City museums and city development
by Ian Jones, Robert R MacDonald and Darryl McIntyre, Alta Mira Press, Maryland, 2008
ISBN: 9780759111813 (pbk), 198 pp., RRP A$166.95
review by J Patrick Greene
City museums and city development

Several of the authors in this volume of papers make reference to the fact that in 2007, for the first time, over half of the world's human population was living in cities. In that year a conference was held in Vienna sponsored by the rather clumsily named International Committee for the Collections and Activities of Museums of Cities (CAMOC), an international committee of ICOM founded in 2005. The book is based on papers presented at the Vienna meeting.

Books that arise from conferences are often uneven and poorly structured but City Museums and City Development is an exception. Ian Jones sets the scene by stating that the theme is the contribution that a museum about a city can make to its development. Long-established city museums may be primarily repositories of city treasures, in imposing nineteenth-century buildings and often established by historical societies, but a newer breed is concerned with having an impact on the planning of cities by acting as a source of knowledge to influence development. George Prevelakis argues that cities are entering the arena of iconographic competition to counter the homogenising effects of globalisation and, for that reason, museums about cities are moving from a marginal position to a central one. Several writers stress the role of city museums in planning, although I could find no specific example cited of an occasion when the presence of the museum made the crucial difference in determining the shape of the city. The sense of place that a city museum provides is another common theme, but a number of contributors express anxiety about the challenge of reflecting the sheer scale and diversity of a city in a single museum. Caroline Butler-Bowden and Susan Hunt discuss the Museum of Sydney and make this telling observation: the museum 'has long debated what the title of a city museum really means and whether, given its small physical size, it can be a city museum or rather an interesting museum in the city'. Sydney is one of the case-studies, together with Stuttgart, Taipei and Kazan, a place I had never previously heard of but which is the capital of Tatarstan and one of Russia's largest cities.

Max Hebditch, former director of the Museum of London, provides a useful corrective to the preconception that most of the urban population live in big cities. As he points out, in the south-west region of England where he now resides, most people live in small towns or villages despite England being one of the most densely populated countries in the world. Small rural towns are under particular pressure from centralisation and economic changes, such as the growth of large out-of-town shopping complexes. Their museums face challenges that vary in the particular circumstances of the town. He examines a county town, a faded seaside resort, and a tourist town on the coast. The current director of the Museum of London, Jack Lohman, describes the constantly changing nature of cities and particularly the people who live in them, with the necessity to reflect that in collections and exhibitions. The new galleries in the Museum of London opened in May 2010. It will be interesting to see how his concepts of how urban museums should contribute to civic life are realised in the new exhibitions.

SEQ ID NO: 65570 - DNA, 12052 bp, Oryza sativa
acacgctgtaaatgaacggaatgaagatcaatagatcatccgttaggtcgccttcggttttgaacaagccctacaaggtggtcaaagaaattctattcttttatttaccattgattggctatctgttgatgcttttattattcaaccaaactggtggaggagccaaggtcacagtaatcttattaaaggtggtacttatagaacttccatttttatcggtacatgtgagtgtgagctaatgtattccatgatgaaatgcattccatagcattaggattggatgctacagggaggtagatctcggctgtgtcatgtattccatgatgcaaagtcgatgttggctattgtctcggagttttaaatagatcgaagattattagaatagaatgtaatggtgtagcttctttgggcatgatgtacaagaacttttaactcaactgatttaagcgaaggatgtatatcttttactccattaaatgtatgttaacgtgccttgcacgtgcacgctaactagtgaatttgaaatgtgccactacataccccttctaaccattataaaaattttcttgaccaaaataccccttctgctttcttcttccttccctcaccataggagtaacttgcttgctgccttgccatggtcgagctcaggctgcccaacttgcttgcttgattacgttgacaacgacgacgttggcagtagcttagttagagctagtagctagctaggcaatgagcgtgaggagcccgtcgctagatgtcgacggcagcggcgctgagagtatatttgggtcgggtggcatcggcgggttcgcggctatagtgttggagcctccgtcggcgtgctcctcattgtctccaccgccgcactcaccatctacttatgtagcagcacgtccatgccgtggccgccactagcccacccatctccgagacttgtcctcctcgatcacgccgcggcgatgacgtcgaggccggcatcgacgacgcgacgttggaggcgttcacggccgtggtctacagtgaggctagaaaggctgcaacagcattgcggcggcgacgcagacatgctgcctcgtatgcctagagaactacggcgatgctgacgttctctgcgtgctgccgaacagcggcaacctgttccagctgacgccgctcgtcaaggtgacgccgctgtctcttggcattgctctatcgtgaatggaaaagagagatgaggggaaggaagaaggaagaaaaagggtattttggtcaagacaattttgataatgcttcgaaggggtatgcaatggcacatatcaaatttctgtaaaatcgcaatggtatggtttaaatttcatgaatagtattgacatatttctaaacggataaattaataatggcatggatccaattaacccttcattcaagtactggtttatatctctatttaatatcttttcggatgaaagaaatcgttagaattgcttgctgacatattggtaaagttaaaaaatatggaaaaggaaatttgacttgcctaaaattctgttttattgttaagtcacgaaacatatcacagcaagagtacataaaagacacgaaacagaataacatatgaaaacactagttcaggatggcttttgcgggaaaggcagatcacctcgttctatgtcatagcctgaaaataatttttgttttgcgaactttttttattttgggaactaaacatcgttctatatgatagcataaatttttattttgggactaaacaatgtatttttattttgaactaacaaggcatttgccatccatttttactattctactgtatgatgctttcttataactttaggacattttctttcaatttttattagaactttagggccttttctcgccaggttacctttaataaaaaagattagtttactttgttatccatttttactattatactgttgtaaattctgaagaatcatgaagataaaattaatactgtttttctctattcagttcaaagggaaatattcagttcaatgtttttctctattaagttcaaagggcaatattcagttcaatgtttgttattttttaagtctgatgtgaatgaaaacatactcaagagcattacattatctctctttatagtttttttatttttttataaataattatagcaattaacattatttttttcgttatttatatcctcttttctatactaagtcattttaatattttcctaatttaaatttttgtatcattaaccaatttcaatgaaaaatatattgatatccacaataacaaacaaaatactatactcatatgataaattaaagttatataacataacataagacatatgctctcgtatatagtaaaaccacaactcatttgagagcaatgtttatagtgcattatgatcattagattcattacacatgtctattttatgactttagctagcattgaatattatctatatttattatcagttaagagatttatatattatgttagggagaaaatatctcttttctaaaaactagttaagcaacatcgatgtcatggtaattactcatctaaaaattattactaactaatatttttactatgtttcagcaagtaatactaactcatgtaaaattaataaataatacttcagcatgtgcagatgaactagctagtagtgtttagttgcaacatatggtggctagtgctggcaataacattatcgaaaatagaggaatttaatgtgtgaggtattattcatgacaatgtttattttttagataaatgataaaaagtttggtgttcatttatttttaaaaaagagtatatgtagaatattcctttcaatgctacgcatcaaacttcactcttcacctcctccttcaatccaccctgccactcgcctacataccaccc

The final chapter is based on the results of a survey of city museums that examines the framework in which they operate, their mission, social involvement, strengths and weaknesses, trends and best practice. Of 150 museums invited to participate, only 35 responded, but the results are none-the-less interesting and are presented in detail.

Not all museums that have cities as at least part of their subject matter self-identify as city museums. Melbourne Museum has a name that sounds as if it is a city museum; and it includes a large exhibition, the Melbourne Story, that provides a rich array of objects, narratives and personal stories which offer many insights into the city. It does so, however, in the context of a large, encyclopedic museum. In Manchester, the world's first industrial city, the Museum of Science and Industry (which I directed from 1983 until 2002) presented galleries such as The Making of Manchester and Underground Manchester as an integral part of a large museum in which the city was woven into its fabric. The Manchester Art Gallery has the Manchester Gallery that presents the city's past and present. The museum and the art gallery therefore provide the city with complementary insights into its character and history, but in the context of more wide-ranging subject matter than a strictly city museum would attempt. Interestingly, another Manchester organisation, Urbis, was billed as the 'Museum of the Modern City' when it opened in 2002, and was committed to examining modern cities and looking to their future. After a troubled existence it is now being converted into the National Football Museum. There are, therefore, two topics that a future meeting of CAMOC, and subsequent book, might examine. The strengths and weaknesses of city museums compared with cities as part of general museums is one. The other is the challenge of looking to the future in city museums. It is identified as an integral part of the role of a city museum by several of the contributors to City Museums and City Development. However, in my experience the future that is foretold by museums is often that of the local authority's planning department rather than an insightful, extensive examination that would make a real contribution to public debate.

J Patrick Greene is the chief executive officer of Museum Victoria.